From Employment to Savings, Bad Government Policy Is Undermining the U.S. Economy

First, some good news.

The United States is in much better shape than most other developed nations, particularly if you look at broad measures of prosperity and living standards.

And our economy is growing and the private sector is creating jobs.

That’s the glass-half-full way of looking at things.

But if you’re a glass-half-empty person, the news is not so cheerful. The economy is expanding and jobs are being created, but both at a slow rate.

In this interview, I share this dour perspective as I grouse about how Obama’s policies of higher taxes and bigger government are somewhat responsible for the weak job market. And I also explain that the anemic employment situation is partially to blame for low levels of saving for many households.

On the topic of the low savings rate, I should have explained that government policies undermine savings, both because of the tax code’s pro-consumption bias and because reasons to save are diminished thanks to government-provided subsidies for things such as housing, education, retirement, and health care.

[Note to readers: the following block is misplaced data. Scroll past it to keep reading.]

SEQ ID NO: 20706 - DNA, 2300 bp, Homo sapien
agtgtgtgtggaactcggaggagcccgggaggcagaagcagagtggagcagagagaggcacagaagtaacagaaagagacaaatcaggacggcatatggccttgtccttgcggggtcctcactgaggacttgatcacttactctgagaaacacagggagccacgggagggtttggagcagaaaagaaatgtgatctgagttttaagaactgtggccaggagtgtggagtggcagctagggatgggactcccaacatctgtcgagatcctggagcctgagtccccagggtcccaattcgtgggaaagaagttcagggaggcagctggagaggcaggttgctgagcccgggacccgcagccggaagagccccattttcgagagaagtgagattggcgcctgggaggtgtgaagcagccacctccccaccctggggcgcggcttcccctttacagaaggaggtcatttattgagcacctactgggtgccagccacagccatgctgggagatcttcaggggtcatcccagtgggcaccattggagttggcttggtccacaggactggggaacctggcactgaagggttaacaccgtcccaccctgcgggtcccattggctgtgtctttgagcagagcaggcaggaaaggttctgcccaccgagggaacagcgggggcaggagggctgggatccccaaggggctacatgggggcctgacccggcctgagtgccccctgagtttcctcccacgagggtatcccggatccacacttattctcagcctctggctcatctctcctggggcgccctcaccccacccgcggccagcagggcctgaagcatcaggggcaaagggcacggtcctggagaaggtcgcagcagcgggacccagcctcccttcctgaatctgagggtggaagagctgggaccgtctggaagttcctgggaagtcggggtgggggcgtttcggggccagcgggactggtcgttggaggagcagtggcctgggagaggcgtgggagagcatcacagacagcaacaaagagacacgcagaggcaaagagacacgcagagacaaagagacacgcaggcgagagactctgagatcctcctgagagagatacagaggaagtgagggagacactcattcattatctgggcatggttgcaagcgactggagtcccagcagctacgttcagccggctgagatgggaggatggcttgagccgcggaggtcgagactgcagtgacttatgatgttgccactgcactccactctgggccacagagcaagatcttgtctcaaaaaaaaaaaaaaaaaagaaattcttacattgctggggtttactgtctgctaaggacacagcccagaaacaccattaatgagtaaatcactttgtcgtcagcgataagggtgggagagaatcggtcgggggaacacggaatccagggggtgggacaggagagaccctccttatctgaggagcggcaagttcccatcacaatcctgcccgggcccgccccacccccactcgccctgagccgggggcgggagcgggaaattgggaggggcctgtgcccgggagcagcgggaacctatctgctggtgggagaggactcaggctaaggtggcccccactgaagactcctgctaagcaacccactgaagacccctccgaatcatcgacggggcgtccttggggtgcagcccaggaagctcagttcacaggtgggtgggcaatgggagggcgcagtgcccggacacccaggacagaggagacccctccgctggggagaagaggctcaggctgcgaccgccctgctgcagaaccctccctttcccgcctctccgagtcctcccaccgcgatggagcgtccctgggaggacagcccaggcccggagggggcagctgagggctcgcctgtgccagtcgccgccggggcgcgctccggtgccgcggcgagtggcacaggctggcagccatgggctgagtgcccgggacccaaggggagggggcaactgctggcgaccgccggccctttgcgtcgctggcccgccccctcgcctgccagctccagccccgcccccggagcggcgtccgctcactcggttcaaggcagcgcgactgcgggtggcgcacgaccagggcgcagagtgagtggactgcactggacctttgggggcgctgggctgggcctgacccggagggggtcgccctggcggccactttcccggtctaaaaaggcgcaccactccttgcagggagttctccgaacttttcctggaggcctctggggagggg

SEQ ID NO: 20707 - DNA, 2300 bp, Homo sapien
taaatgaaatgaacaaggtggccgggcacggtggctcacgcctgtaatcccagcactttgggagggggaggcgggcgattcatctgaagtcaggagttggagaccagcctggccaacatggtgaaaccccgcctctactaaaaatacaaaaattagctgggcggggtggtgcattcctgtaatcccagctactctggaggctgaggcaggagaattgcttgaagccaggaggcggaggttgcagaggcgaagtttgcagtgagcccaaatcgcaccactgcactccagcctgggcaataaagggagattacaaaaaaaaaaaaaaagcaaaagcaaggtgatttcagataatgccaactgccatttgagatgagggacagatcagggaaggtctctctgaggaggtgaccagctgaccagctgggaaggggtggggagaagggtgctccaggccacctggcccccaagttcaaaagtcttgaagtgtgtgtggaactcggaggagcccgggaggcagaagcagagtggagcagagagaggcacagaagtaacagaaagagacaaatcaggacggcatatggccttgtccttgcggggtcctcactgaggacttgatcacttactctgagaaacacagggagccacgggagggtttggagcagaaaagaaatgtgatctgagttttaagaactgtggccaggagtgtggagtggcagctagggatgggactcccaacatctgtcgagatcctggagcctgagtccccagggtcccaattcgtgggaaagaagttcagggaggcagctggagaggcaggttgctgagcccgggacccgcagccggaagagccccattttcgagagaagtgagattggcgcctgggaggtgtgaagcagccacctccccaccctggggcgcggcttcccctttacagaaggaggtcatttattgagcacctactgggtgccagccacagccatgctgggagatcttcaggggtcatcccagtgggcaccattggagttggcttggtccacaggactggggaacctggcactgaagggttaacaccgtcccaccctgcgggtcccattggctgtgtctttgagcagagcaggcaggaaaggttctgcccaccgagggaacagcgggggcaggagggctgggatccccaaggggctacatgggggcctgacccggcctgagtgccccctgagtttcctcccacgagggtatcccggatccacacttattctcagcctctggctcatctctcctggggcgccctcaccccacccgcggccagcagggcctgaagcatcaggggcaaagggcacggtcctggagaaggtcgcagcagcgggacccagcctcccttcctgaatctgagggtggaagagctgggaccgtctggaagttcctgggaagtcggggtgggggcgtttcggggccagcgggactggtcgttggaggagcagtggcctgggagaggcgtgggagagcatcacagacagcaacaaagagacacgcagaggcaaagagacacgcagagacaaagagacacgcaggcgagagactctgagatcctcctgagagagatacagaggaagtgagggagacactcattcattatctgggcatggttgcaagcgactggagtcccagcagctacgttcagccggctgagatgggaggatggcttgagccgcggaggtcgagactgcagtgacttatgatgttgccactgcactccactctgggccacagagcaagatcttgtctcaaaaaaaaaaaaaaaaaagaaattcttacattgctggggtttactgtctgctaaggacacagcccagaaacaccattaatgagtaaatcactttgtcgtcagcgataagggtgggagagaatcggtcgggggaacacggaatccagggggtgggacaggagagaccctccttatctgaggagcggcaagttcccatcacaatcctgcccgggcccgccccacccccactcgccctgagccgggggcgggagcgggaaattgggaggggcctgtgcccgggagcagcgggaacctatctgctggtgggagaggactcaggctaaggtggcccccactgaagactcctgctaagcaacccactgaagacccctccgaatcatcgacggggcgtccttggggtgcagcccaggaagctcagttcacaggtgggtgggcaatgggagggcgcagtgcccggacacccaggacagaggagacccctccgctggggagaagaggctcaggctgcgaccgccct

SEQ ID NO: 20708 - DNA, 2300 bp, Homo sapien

In my second soundbite, I jump to a different topic. I assert that it’s a good thing that we’re going to have gridlock for the next couple of years – particularly if the alternative is the kind of damaging legislation such as the faux stimulus and Obamacare that we got in the President’s first two years.

But I do warn that permanent gridlock is not a good idea. We need genuine entitlement reform at some point in the not-so-distant future if we want to avoid becoming another Greece.

And don’t delude yourself. If policy is left on auto-pilot, the burden of government spending is going to skyrocket. Indeed, both the Bank for International Settlements and the Organization for Economic Cooperation and Development estimate that America’s long-run fiscal problems are more severe than those is most European welfare states.

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